If it wasn’t so horrendous, it would be funny. Since the telecom ministry has yet to take any visible action on the issue of Reliance Communications understating its revenues to the Telecom Regulatory Authority of India by around a fourth, the Cellular Operators Association of India (COAI) has written to the telecom secretary asking if it’s okay for its members to do the same thing! While Siddhartha Behura has chosen not to reply, the revenue implications are staggering and on a par with, for instance, the $10bn concession in 2G spectrum entry fee the government gave to a handful of private firms earlier this year (see ‘What’s $10-15bn among friends’, Sept 29).
Here’s the maths: The government is likely to get around Rs 11,000 crore in terms of its revenue-share licence/spectrum fee this year from telecom operators — if all of them decide to report revenues that are lower by a fourth, this means a loss of around Rs 2,750 crore ($550mn) in licence/spectrum fee to the government. Since this is an annual loss in perpetuity, at an interest rate of 10 per cent, this translates into a gift which has a net present value of Rs 27,500 crore ($5.5 bn). But since the amount of licence fee, and hence loss, is not static at Rs 11,000 crore but is increasing at a rapid pace each year (government telecom revenues were Rs 8,000 crore last year), the net present value of the actual loss will be much higher, maybe double or even triple the $5.5 billion figure.
A large part of the problem lies in the differential rates of licence fees the government charges for different services. While it charges nothing from pure internet services (it’s 6 per cent if ISPs offer VOIP services), it charges around 12 per cent on mobile phone revenues (licence fee varies from 6 to 10 per cent, depending upon the telecom circle plus a spectrum fee of 3-5 per cent). In the case of Reliance, the company has been giving different revenue figures in its financial statements and a different one to the Telecom Regulatory Authority of India (Trai) — while the difference was as low as 7 per cent in June last year, it was up to 23 per cent in June this year. The difference, according to a report by UBS Investment Research last month, is that the company has not included its revenue streams like those from the internet business. Why internet revenues should have shot up so dramatically in just a year boggles the mind, but the differential licence fees could just have something to do with it. Indeed, Trai is currently investigating a case of an integrated telecom firm where, all of a sudden, there has been a huge spurt in the proportion of international long-distance calls as well — it’s too early to say if the spurt is genuine, but in this case too, there could be a licence fee angle — at 6 per cent, such licence fees are half those charged on mobile telephony.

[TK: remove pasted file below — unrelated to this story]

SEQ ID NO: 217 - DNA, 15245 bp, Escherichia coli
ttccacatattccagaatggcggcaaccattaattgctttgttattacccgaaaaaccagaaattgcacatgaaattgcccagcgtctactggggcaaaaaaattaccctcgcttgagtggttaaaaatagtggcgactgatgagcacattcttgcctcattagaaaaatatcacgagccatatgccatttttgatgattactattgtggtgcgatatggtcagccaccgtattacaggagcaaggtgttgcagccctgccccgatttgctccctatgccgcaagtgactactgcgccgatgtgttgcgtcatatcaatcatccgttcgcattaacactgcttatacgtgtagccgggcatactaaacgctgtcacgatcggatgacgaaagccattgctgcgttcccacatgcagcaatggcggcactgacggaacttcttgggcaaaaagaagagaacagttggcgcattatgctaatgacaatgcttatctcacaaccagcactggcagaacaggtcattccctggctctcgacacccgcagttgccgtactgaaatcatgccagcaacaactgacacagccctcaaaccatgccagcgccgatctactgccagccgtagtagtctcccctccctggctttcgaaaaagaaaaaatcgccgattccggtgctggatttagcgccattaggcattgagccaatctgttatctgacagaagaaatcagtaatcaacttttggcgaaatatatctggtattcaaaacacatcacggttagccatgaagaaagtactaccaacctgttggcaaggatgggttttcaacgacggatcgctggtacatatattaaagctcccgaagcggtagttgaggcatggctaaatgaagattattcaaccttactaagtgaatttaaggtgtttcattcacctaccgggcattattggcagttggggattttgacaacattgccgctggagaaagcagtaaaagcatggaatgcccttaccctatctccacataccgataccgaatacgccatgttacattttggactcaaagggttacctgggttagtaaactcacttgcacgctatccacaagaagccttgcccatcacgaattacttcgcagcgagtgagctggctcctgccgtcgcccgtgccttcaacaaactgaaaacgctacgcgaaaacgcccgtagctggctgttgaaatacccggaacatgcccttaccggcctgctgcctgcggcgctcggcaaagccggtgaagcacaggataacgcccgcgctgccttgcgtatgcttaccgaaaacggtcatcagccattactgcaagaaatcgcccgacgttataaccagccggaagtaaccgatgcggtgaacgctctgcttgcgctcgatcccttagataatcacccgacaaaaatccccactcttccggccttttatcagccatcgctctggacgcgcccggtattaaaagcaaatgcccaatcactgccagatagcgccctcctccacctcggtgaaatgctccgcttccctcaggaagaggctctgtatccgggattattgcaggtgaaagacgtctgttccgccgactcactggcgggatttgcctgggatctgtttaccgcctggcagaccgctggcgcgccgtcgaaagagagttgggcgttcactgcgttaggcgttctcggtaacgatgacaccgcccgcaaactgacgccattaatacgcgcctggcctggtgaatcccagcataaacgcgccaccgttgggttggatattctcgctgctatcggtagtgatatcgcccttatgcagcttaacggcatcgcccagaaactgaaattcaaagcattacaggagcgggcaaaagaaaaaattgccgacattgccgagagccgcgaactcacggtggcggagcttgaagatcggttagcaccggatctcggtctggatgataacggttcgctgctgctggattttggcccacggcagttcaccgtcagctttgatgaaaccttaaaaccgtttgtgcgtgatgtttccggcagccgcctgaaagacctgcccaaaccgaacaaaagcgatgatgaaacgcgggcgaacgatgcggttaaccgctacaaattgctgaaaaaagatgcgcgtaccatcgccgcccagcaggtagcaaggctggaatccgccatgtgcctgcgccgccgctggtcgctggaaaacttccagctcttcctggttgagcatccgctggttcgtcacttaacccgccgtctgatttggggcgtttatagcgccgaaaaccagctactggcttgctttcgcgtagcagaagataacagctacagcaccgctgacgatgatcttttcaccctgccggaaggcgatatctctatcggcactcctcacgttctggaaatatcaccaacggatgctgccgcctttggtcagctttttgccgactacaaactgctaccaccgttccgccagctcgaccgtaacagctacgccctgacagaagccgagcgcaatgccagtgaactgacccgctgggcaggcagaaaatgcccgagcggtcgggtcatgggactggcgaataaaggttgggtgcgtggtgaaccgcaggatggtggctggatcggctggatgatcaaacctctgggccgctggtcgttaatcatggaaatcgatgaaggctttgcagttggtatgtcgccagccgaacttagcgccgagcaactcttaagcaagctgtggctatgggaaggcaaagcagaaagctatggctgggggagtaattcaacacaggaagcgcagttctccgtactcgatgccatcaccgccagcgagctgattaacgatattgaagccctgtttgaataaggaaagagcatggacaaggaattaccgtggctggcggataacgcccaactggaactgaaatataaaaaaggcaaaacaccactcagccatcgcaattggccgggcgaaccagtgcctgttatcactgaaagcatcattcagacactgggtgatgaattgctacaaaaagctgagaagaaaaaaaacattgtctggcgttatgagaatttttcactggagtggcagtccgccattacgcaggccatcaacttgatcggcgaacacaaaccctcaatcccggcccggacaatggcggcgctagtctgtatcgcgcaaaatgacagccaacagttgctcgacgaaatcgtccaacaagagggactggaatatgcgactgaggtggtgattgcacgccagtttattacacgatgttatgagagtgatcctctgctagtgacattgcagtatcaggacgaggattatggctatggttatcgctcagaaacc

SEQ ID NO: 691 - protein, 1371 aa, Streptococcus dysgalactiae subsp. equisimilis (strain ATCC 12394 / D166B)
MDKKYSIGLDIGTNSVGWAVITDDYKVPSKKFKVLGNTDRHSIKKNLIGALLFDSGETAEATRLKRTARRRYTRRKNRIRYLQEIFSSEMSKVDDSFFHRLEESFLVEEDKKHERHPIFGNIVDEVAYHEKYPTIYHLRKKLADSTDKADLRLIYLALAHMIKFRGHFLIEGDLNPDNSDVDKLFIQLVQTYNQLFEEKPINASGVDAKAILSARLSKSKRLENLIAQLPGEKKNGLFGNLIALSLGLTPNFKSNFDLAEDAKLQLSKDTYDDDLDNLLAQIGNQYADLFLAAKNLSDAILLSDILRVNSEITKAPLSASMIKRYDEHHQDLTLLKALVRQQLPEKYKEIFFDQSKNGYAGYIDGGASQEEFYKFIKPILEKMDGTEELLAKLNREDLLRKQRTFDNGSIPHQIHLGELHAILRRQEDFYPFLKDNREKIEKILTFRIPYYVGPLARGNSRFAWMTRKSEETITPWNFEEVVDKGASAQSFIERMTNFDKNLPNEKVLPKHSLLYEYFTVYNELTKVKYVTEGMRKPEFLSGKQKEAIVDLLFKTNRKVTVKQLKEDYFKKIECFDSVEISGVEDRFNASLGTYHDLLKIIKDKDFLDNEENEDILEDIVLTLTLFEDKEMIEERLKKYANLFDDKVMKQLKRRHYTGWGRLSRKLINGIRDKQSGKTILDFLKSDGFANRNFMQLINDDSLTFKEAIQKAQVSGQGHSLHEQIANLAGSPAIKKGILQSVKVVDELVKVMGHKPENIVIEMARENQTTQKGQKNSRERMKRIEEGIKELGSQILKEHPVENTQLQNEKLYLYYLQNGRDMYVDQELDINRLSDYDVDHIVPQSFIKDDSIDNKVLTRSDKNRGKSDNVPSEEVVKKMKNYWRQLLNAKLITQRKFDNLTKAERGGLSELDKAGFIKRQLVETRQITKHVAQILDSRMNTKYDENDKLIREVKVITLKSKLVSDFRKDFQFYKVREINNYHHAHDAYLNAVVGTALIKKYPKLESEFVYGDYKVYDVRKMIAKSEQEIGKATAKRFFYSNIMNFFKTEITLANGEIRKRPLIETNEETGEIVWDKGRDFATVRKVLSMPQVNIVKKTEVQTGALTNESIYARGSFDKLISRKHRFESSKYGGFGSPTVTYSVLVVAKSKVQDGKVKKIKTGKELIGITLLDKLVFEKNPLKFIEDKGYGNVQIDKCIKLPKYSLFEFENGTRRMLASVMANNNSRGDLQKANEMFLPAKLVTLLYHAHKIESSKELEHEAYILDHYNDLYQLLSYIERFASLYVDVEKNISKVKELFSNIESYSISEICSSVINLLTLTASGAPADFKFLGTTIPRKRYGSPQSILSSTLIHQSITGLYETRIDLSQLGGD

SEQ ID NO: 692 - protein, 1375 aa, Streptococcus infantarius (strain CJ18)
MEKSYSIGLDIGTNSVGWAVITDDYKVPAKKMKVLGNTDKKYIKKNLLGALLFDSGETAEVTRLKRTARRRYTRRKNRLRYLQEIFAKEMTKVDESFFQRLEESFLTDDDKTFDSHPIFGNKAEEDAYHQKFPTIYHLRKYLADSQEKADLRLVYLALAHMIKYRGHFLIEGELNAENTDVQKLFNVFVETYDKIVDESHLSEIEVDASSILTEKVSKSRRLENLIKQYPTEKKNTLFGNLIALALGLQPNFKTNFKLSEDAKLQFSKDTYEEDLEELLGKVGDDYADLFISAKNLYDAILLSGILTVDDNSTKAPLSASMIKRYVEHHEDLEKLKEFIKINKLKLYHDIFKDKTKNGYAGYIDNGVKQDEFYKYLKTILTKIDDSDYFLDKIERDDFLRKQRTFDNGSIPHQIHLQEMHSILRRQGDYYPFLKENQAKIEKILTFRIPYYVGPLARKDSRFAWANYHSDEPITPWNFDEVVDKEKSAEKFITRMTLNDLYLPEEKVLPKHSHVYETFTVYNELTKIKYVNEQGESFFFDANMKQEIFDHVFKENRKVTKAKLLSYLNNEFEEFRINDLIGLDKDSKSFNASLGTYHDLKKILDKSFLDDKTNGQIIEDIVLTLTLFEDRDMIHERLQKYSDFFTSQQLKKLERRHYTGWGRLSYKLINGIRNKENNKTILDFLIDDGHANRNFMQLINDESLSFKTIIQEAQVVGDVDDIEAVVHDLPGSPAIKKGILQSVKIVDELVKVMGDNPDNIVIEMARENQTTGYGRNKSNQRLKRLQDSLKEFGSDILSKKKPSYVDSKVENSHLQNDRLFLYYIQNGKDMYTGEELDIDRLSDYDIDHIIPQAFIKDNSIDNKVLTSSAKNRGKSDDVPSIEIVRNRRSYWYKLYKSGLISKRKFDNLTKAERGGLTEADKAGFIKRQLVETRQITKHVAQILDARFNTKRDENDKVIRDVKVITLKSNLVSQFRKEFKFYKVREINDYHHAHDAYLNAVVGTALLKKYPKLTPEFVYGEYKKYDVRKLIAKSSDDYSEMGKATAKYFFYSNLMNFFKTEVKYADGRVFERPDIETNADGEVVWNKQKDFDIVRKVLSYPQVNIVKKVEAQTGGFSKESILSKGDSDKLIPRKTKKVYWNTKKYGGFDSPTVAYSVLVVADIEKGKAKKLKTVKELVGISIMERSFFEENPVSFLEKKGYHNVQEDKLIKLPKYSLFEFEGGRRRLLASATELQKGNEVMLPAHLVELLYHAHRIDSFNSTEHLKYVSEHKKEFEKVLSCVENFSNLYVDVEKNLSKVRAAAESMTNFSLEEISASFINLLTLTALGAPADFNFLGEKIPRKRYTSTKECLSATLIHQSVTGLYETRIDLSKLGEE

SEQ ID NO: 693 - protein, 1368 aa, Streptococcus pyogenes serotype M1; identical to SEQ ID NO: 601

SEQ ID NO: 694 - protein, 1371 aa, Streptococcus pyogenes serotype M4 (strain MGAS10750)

The ministry’s refusal to clarify whether telecom operators can classify non-voice revenues (which accrue on the same spectrum they use for voice operations) separately and report them under their ISP revenues has implications in even the case of the 3G spectrum that will be auctioned soon. Since the real worth of 3G comes into play in the case of data services (downloading movies on your phone), new operators can argue a large portion of this data is part of their ISP licences. So, instead of paying a 9 per cent revenue share (8 per cent licence fee and 1 per cent spectrum fee), they could end up paying next to nothing.
The other issue likely to cause a serious problem is the different fees for 2G and 3G spectrum. Why 3G spectrum should bear a 1 per cent spectrum fee when it has vastly more capacity to carry traffic than 2G spectrum (which pays 4 per cent) is not clear. In which case, it is always possible that operators will shift as many 2G subscribers as possible on to 3G networks to lower spectrum fee outgo. Theoretically, the auctions for 3G will take care of this since the bids will take into account both the vastly higher carrying capacity and the much lower annual spectrum fees. But if the auctions discriminate against new players as they are, the bids will be low and allow existing players to make a killing once again.
One solution proposed by the COAI to ensure firms don’t misclassify revenues is to measure traffic. This cannot be done in the old way of knowing how many active subscribers there are on each network — the Visitor Location Register treats a customer who makes one call a month in the same manner as one who makes a thousand. Instead, the COAI proposes measuring actual traffic, or erlangs, on each base station, whether 2G GSM or CDMA or 3G. This may or may not work (technical solutions have a way of not working as Reliance showed some years ago when it used technology to change the numbers of incoming international calls to reduce its ADC levies) but it is worth trying — it’s also worth Mr Behura making a quick call to regulators in each country to see if such revenue separation of the type COAI is advocating actually works. In the long run, however, a single-if-lower revenue share is a more elegant solution. Of course, till the government continues to favour firms by offering virtually free spectrum and insisting on subscriber-norms for more allotment, none of this will be possible.
6 months ago